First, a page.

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Bouchard Oozes Confidence Before Wimbledon Finals






Eugenie Bouchard, Canada’s first Grand Slam singles finalist, may be a relative newcomer to tennis’s big-time but when it comes to talking impressively the 20 year-old from Quebec simply oozes confidence.

Bouchard must overcome 2011 champion Petra Kvitova to become the next Wimbledon champion and hit a peak in a year of consistency that previously saw her reach the semi-finals of both the Australian and French Opens.

Undeniably nerves took a hold as Bouchard struggled to finish her semi-final against third seeded Simona Halep but after six match points she finally completed a 7-6, 6-2 victory. Nevertheless just minutes after her win, she was back emphasizing her self-belief.

“It’s not like a surprise to me — I expect good results like this,” insisted Bouchard who two years ago became the Wimbledon junior champion. “True, I have had a great start to the season but I expect myself to be even better than that.

“So for me, I was like, ‘OK good. It’s a step in the right direction.’ I get to play in the final and I still have another match so it’s not a full celebration yet.”

Certainly Bouchard’s joy at her win over Halep, injured in the fourth game after a clumsy fall saw her turn an ankle, was subdued. However she insisted: “I am really excited. It is my first Grand Slam final and I will just go for it."

In contrast Kvitova was emotional after her win over fellow Czech Lucie Safarova and claimed: “I don’t have words to describe my feeling right now. It was a tough match mentally, as well, because Lucie is a good friend of mine. We know each other very well off the court and on the court, as well.”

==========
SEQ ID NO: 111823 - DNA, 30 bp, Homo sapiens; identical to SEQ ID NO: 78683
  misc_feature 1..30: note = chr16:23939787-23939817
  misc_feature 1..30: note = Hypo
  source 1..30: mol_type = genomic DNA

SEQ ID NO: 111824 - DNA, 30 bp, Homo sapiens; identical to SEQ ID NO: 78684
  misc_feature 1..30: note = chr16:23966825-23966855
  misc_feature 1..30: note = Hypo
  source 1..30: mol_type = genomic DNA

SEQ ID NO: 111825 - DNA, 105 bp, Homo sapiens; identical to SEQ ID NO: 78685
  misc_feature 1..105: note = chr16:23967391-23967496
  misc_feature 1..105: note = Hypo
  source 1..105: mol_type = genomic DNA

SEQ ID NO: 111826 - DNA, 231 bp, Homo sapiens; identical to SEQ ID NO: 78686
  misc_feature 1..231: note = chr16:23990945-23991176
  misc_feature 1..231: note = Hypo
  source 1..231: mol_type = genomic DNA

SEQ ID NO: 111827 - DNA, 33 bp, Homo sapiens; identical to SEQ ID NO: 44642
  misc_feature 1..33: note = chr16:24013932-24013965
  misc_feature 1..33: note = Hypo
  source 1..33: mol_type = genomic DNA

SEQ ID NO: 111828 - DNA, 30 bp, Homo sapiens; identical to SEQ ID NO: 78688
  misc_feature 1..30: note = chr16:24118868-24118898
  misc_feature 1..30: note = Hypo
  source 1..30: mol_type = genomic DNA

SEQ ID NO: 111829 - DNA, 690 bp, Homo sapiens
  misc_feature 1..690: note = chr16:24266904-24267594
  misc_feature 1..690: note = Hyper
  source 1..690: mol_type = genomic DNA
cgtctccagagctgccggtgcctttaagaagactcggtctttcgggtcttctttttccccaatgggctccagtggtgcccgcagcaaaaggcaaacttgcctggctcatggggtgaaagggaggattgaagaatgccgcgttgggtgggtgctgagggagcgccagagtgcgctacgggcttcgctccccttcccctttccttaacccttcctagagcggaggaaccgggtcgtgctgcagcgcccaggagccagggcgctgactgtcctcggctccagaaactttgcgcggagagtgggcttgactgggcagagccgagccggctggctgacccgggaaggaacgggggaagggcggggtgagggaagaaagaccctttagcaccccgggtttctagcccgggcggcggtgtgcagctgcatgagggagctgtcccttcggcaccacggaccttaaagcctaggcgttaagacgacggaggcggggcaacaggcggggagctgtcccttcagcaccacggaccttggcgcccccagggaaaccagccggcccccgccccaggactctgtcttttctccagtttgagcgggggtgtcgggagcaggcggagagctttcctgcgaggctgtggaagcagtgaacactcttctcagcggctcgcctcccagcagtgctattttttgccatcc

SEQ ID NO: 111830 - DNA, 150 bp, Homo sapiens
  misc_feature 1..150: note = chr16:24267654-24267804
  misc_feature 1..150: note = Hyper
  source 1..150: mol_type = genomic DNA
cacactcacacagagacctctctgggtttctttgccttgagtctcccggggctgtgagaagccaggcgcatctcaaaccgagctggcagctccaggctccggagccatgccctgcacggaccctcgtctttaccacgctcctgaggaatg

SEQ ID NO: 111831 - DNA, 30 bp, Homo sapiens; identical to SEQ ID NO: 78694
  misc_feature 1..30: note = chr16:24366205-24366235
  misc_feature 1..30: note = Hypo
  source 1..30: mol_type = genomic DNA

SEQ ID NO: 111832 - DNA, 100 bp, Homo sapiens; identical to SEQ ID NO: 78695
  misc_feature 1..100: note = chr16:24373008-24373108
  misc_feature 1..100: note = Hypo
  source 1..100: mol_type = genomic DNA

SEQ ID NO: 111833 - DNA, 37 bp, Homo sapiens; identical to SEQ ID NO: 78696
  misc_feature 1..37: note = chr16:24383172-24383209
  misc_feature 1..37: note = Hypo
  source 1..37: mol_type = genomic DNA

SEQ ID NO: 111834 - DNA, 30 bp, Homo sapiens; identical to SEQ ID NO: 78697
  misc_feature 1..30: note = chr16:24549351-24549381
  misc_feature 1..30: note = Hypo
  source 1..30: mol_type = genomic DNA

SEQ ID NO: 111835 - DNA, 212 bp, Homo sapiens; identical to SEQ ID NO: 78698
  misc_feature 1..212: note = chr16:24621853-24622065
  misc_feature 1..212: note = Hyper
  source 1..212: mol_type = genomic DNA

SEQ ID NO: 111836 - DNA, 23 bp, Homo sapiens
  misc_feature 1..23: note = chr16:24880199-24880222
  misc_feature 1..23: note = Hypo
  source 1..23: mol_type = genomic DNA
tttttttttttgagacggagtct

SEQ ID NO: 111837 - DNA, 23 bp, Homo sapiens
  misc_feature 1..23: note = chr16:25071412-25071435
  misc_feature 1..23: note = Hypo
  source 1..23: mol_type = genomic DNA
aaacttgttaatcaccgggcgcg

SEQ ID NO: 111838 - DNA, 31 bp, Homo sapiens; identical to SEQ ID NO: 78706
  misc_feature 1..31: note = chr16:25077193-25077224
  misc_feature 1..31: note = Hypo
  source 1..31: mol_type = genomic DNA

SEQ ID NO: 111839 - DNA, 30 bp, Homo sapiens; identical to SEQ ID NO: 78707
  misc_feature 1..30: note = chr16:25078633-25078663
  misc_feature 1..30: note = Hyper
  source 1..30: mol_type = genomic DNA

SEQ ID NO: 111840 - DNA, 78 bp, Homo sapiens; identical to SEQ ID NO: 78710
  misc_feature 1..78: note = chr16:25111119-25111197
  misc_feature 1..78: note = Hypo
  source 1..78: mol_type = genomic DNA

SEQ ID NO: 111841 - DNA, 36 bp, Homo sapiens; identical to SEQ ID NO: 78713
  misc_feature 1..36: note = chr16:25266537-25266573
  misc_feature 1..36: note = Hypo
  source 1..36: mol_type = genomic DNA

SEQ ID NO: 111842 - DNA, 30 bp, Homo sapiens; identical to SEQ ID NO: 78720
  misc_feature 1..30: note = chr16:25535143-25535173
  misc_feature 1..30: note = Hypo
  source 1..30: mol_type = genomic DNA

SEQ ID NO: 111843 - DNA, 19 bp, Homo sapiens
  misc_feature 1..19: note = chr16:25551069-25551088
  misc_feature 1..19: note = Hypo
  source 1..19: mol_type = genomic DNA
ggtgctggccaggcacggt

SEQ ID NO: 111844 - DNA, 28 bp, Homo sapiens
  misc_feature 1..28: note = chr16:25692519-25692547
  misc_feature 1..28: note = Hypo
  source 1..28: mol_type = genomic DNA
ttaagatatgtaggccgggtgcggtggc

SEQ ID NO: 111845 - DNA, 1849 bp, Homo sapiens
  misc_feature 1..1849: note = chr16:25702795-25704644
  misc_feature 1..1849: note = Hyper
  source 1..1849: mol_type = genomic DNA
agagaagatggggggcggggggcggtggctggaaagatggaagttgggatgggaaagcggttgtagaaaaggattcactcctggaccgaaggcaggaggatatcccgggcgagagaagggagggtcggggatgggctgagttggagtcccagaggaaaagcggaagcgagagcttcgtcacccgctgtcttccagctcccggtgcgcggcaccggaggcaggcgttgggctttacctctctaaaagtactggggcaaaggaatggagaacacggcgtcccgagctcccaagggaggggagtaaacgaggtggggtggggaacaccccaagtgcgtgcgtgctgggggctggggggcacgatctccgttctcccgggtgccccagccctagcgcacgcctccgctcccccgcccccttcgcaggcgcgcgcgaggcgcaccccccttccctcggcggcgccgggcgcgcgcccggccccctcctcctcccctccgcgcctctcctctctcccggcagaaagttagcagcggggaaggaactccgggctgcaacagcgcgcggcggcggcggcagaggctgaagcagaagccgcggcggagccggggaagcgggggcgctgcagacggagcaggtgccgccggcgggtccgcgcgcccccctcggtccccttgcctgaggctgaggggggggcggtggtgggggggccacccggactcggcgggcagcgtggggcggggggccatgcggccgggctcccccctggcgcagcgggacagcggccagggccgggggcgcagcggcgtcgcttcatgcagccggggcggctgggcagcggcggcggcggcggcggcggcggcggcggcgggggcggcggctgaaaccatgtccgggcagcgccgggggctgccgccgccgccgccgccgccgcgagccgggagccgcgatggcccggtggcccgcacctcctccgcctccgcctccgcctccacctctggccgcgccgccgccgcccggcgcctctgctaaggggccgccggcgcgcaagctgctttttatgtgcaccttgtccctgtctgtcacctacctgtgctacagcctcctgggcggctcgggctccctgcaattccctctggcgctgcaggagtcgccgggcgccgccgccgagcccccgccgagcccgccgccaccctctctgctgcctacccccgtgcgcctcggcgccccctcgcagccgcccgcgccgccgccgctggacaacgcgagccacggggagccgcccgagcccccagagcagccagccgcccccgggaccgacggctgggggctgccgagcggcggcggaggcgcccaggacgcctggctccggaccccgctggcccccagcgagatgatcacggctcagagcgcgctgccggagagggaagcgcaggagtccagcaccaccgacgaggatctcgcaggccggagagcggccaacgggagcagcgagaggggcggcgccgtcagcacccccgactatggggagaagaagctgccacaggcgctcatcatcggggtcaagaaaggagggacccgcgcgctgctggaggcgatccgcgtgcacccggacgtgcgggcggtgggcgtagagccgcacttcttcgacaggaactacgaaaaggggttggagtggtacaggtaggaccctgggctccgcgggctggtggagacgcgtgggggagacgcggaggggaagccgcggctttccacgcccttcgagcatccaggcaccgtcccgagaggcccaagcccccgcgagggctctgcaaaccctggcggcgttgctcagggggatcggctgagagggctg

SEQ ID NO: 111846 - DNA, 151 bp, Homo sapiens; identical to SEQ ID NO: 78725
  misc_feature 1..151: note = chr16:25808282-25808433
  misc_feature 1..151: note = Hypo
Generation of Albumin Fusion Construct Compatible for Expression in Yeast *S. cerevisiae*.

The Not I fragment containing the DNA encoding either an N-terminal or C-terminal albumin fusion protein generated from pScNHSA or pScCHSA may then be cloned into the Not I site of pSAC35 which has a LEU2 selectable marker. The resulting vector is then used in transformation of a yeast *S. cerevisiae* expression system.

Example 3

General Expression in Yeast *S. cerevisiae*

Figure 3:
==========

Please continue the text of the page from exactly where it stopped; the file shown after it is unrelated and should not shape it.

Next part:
However she warned Bouchard: “I know how it feels when you hold the trophy so I really want to win my second title here and I will do everything I can.”

Carling Bassett-Seguso, for the time being the only Canadian woman ever to figure in the WTA top ten, doesn’t just believe Bouchard (currently world no.13) will emulate her feat. Bassett-Seguso believes the Grand Slam event final debutante will go on to one day become world no.1.

“I’m telling you she’s going to do it,” said Bassett-Seguso, who was world no.8 nearly 30 years ago. “I watched her play. I don’t watch too much women’s tennis to be honest with you. I watched that match and I was just blown away.

“She just takes the ball so aggressively. Her composure, I can’t even believe she’s 20. Her shot selection, her timing is impeccable. She really takes the ball early. If you look at her statistics, she hits more winners than errors.”

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